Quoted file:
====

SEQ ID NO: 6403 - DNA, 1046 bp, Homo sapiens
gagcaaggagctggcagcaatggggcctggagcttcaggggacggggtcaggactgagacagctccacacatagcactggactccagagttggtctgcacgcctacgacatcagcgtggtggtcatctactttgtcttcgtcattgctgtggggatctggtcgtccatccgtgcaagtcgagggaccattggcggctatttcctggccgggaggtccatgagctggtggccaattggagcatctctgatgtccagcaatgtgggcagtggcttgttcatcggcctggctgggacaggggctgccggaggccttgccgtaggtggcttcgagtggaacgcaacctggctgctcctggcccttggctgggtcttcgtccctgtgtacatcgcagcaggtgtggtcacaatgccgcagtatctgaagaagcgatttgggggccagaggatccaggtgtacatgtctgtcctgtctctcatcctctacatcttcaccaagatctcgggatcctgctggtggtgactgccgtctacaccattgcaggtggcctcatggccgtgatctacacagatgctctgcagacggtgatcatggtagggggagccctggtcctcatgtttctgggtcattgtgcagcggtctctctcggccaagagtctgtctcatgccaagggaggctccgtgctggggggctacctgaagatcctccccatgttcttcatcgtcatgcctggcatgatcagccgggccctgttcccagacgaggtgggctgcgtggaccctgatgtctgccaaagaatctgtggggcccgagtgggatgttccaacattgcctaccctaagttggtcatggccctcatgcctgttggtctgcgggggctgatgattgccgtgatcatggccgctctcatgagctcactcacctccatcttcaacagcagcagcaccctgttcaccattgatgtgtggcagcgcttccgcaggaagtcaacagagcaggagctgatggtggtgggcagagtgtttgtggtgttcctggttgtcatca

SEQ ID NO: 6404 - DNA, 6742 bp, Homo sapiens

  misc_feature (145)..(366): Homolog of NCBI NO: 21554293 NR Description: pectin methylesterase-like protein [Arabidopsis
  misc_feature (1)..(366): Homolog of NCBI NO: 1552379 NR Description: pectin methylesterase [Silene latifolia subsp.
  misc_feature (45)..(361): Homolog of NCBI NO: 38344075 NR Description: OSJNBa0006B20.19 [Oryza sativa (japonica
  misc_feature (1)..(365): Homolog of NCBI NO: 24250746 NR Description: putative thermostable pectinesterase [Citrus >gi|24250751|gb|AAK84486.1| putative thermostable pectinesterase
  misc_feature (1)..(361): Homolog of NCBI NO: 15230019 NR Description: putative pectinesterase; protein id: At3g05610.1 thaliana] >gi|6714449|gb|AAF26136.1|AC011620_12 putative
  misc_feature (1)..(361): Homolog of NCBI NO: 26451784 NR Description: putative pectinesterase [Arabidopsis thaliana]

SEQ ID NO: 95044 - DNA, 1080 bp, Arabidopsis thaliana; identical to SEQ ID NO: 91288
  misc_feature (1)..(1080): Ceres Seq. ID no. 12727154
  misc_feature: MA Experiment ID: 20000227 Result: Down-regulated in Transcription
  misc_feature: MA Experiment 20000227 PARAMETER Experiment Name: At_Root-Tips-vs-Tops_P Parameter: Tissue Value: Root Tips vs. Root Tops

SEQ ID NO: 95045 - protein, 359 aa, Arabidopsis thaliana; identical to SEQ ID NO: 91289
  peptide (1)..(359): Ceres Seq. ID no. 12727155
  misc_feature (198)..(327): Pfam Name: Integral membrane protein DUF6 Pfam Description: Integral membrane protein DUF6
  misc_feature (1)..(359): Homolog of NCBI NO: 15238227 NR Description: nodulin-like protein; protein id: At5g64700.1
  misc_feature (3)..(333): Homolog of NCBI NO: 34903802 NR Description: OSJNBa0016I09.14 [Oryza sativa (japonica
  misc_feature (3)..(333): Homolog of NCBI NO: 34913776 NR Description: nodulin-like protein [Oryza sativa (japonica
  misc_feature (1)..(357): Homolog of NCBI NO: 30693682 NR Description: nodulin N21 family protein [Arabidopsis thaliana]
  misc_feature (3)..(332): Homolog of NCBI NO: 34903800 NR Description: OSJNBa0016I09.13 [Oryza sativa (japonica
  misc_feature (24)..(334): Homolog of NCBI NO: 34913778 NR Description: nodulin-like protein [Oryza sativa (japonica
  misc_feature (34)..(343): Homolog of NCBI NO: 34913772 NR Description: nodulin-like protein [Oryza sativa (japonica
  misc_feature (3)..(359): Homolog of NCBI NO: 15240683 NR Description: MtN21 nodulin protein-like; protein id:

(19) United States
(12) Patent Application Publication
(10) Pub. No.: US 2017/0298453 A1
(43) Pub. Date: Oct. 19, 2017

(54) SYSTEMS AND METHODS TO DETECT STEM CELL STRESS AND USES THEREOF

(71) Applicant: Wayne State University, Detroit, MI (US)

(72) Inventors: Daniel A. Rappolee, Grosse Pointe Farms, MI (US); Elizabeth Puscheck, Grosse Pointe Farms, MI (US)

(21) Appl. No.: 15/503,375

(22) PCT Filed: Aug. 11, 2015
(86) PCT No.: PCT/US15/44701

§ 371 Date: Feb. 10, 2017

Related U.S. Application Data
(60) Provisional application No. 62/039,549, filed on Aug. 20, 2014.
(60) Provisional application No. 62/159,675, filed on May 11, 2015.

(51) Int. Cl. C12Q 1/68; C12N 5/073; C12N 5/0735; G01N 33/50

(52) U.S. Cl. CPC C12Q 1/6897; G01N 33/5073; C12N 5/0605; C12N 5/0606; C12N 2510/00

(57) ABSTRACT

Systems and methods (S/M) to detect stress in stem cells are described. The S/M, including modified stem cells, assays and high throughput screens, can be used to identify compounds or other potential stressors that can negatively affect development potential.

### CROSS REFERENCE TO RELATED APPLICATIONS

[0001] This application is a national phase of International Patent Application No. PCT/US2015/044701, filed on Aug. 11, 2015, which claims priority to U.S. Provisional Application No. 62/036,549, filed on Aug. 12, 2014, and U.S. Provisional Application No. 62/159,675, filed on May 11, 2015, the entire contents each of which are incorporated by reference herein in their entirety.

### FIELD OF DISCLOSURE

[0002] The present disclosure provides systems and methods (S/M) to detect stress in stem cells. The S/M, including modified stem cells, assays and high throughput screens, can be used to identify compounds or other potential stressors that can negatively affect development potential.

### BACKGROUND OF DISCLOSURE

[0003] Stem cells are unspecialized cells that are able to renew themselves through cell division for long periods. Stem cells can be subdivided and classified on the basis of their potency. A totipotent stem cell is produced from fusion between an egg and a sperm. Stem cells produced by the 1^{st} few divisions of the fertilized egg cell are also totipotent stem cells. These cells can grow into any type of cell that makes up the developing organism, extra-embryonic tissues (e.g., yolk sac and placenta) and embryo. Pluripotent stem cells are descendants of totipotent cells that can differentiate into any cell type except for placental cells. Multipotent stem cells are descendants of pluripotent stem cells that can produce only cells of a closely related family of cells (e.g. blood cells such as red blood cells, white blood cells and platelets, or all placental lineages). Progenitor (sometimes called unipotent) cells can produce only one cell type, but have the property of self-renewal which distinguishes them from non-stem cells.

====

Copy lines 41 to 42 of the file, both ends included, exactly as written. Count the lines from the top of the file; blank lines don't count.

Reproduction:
(57) ABSTRACT

Systems and methods (S/M) to detect stress in stem cells are described. The S/M, including modified stem cells, assays and high throughput screens, can be used to identify compounds or other potential stressors that can negatively affect development potential.